A brand identity is made up of several key elements — one of these being the classic, omnipresent ‘logo’. The word ‘logo’ is a very general term used to describe the visual signature that is applied to branded elements and is used to create and maintain a company’s reputation. This may be a combination of elements, with a mixture of symbols (brandmarks) and words (logotypes or wordmarks).
For example, Nike’s brandmark (the ‘swoosh’ or ‘tick’) is used across all materials, which in turn builds customer recognition and loyalty. To complicate things slightly, there are many versions of the Nike logo, with various versions of the swoosh incorporated with wordmarks and logotypes for specific applications. For example, Nike Air uses both the word ‘Nike’ and ‘Air’ alongside the swoosh brandmark. This combination of elements is called a ‘logo lockup’ and gives longevity to an otherwise simple symbol that can be reproduced across print and digital media. Together, these are simply known as the Nike ‘logo’.
Brand identities are designed to be memorable, efficient, and consistent with the company’s values. Whether you are designing an original logo for a business or redesigning an existing symbol, it is important to know the difference between logos vs. logotypes vs. brandmarks — all of which play a key role in branding design and development.
– Brand logos: Brand logos typically consist of both words and images (sometimes called symbols or pictograms). They are often circular or triangular shapes that can visually symbolise a wide range of topics from innovation or dynamism to minimalism or peace. These may also represent something about the company’s product portfolio, brand proposition, culture and values. A strong brand logo should be unique and not easily confused with another logo as they are often the most recognisable element of a company’s brand identity.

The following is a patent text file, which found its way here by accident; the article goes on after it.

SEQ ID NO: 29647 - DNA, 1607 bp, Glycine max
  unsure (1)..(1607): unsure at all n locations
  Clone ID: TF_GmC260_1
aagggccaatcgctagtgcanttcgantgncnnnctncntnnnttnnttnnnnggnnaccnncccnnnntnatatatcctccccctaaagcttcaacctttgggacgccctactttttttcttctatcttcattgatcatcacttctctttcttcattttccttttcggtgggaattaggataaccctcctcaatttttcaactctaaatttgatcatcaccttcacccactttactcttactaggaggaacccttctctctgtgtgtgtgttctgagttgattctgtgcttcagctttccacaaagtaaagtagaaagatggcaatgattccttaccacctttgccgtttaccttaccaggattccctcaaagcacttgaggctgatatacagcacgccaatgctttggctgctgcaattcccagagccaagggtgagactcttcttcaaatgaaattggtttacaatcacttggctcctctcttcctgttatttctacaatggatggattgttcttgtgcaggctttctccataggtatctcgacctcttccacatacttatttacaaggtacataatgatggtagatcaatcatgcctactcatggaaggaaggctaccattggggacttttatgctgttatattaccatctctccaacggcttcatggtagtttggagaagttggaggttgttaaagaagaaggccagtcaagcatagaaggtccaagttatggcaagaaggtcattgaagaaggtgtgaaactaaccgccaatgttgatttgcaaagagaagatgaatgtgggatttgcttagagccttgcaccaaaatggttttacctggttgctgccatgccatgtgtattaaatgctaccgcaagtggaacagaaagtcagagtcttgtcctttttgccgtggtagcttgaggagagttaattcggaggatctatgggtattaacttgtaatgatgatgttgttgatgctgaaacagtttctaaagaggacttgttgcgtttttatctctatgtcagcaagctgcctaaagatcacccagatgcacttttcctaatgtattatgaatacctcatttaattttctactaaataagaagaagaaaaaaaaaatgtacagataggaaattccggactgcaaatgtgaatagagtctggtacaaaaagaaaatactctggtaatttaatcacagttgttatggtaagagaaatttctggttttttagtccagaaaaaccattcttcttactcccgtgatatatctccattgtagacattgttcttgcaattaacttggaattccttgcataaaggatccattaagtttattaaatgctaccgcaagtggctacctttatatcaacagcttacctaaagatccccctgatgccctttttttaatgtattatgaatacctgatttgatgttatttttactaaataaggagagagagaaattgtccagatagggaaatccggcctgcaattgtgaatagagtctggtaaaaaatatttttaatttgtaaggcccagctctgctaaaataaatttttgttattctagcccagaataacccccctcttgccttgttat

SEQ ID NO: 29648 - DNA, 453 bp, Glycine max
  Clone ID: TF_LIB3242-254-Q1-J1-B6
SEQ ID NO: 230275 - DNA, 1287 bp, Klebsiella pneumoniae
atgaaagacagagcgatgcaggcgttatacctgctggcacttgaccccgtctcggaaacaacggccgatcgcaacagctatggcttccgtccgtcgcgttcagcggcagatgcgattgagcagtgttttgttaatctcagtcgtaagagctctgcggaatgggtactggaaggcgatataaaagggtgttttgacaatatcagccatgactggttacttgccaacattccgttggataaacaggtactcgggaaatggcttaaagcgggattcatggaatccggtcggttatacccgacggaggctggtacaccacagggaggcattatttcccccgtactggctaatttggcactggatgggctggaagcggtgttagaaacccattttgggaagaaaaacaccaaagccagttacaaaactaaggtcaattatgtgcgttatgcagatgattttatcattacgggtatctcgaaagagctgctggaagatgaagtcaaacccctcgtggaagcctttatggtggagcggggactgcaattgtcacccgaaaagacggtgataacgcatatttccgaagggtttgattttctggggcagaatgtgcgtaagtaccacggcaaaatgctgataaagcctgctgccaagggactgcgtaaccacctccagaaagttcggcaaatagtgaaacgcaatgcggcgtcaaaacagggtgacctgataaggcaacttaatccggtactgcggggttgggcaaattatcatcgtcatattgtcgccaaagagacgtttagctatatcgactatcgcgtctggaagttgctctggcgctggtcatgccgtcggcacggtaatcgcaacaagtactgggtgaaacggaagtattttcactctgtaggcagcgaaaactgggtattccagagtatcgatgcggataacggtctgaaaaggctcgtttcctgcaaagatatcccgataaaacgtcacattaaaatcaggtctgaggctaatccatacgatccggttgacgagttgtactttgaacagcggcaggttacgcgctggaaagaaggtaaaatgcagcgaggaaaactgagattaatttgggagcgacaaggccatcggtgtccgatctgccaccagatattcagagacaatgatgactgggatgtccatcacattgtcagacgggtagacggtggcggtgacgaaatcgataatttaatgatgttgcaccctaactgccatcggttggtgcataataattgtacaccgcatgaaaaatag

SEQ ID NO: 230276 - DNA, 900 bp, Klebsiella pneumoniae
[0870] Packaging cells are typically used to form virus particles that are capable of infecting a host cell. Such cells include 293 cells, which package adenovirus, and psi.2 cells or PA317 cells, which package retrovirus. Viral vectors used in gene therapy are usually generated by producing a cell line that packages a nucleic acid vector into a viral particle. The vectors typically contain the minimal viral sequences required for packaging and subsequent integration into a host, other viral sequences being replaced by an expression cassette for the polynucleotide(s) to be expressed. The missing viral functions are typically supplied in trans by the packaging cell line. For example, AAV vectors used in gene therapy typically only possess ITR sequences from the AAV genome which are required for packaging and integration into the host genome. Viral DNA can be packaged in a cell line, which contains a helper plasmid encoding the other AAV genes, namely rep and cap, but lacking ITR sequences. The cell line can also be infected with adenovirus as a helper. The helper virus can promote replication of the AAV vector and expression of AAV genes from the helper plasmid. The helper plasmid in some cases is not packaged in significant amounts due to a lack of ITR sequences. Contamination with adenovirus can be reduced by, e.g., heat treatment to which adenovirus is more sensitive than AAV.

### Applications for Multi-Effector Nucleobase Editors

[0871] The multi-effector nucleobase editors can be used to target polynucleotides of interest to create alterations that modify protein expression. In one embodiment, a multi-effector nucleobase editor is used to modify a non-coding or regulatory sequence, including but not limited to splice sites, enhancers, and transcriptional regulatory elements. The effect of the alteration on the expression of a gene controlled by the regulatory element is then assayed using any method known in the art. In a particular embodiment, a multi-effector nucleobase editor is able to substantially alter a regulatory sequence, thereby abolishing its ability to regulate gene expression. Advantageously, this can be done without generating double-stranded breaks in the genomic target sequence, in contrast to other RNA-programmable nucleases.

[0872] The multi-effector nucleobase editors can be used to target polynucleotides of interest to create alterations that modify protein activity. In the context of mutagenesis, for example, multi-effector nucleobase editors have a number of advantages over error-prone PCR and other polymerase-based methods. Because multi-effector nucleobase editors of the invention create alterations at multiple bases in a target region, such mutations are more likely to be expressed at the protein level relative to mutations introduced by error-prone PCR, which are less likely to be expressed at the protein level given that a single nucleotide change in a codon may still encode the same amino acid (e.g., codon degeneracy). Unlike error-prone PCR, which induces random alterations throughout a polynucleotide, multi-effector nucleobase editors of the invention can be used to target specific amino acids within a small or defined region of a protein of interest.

– Brandmarks: A brandmark is essentially a recognisable shape that is associated with a company or brand. This term is often used interchangeably with ‘brand symbol’, ‘brand identifier’ and ‘brand stamp’. The word ‘brandmark’ comes from the act of ‘marking’ something — this is essentially where a simple symbol or shape was marked on an item to indicate ownership. For example, the Audi brandmark is a set of four rings. Each ring represents one of the four companies that came together to form the company — together they make up a unique brandmark that can be paired with the ‘Audi’ wordmark or even advertising copy. Together, the ring brandmark and the ‘Audi’ wordmark become the finished logo.
– Logotypes: A logotype or wordmark typically consists solely of words. They can be a single word, a few letters, a short sentence or a combination of all three. The important differentiator is that legible letterforms are used to make up the bulk of the logotype. There is usually a design flourish somewhere to prevent it from looking ‘typed in’; for example, ligatures or other design elements may be used to connect certain letters. Stylistically, a logotype can borrow from many typographic forms such as script lettering (the Coca-Cola logotype), blackletter (the New York Times wordmark), sans serif (Net-a-Porter), slab serif (Honda) or serif (The Guardian).
Recent examples of brand logo work include the Halley Stevensons rebrand, the Georgina Day brand creation and The Feather Company repositioning.